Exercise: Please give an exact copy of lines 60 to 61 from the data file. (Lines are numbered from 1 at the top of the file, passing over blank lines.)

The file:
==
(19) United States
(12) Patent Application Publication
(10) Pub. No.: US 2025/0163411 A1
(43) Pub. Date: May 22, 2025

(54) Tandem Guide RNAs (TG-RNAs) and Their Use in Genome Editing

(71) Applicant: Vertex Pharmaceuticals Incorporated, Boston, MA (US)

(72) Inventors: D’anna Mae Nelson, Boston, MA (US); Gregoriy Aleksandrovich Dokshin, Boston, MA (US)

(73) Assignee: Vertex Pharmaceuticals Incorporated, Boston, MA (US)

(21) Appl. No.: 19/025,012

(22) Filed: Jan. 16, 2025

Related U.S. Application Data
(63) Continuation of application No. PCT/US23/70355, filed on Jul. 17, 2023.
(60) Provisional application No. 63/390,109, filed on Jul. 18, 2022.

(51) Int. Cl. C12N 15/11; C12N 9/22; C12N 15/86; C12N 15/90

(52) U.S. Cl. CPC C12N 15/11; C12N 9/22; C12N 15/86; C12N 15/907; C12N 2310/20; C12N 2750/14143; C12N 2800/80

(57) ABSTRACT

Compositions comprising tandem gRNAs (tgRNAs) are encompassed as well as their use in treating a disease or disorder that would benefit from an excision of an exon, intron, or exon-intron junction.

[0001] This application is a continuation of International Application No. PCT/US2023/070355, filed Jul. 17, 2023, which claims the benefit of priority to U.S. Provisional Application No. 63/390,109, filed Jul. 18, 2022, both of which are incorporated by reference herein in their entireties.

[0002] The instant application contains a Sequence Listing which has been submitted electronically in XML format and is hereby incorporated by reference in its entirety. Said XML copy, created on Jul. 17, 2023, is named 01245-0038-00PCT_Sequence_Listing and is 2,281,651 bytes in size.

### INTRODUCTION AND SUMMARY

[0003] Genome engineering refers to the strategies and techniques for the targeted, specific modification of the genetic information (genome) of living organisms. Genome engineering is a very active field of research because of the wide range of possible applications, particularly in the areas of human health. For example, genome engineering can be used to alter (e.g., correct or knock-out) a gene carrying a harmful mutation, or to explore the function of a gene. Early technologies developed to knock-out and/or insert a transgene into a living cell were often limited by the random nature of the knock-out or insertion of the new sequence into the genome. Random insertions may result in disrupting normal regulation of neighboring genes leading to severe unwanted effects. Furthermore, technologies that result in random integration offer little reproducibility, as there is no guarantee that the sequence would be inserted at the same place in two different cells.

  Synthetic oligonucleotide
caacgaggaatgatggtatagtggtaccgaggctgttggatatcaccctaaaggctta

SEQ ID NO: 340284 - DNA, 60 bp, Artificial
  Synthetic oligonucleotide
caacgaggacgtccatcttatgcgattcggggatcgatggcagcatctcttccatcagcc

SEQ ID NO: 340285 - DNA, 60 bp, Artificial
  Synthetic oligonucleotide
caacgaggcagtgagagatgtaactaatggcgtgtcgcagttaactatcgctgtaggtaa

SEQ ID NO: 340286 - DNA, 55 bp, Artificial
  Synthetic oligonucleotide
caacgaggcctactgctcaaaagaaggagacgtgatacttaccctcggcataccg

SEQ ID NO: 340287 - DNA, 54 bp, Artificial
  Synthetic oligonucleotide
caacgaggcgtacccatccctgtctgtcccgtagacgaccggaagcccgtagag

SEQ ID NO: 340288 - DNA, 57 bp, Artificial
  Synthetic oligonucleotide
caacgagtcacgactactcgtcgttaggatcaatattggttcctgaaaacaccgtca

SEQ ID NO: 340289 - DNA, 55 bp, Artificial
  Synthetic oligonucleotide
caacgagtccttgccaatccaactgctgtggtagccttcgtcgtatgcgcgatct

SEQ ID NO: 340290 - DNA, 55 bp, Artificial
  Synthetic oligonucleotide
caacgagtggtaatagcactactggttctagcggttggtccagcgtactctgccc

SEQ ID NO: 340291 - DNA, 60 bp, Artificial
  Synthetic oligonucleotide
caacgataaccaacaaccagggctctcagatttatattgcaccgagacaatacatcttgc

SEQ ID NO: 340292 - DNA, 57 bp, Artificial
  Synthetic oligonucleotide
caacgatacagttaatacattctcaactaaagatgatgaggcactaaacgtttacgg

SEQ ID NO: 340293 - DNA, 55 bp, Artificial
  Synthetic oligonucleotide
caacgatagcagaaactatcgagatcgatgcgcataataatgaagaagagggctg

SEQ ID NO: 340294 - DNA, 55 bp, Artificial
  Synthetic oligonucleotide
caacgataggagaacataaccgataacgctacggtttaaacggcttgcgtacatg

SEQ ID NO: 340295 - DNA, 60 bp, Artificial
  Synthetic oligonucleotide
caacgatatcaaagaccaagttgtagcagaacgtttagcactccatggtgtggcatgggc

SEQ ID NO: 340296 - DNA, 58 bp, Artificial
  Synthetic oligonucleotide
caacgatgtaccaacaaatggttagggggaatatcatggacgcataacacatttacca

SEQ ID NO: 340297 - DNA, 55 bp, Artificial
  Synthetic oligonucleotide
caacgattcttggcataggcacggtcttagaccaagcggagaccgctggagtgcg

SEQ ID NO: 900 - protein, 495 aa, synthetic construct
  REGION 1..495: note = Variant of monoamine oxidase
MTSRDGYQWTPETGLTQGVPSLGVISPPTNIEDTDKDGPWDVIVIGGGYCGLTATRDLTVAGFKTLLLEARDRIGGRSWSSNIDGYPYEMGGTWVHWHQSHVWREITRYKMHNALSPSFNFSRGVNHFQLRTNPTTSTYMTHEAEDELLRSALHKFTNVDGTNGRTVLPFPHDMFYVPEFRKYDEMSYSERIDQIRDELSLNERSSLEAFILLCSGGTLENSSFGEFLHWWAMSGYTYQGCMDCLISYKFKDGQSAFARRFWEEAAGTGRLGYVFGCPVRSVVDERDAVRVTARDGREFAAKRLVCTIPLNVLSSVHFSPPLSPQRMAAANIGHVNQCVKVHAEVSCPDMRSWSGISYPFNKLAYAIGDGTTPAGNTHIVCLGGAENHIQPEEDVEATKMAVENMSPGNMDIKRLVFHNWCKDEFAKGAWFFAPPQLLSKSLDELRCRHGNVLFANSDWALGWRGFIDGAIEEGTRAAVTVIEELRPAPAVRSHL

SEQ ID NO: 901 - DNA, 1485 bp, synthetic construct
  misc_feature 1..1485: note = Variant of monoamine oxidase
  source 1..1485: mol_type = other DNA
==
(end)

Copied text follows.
SEQ ID NO: 340296 - DNA, 58 bp, Artificial
  Synthetic oligonucleotide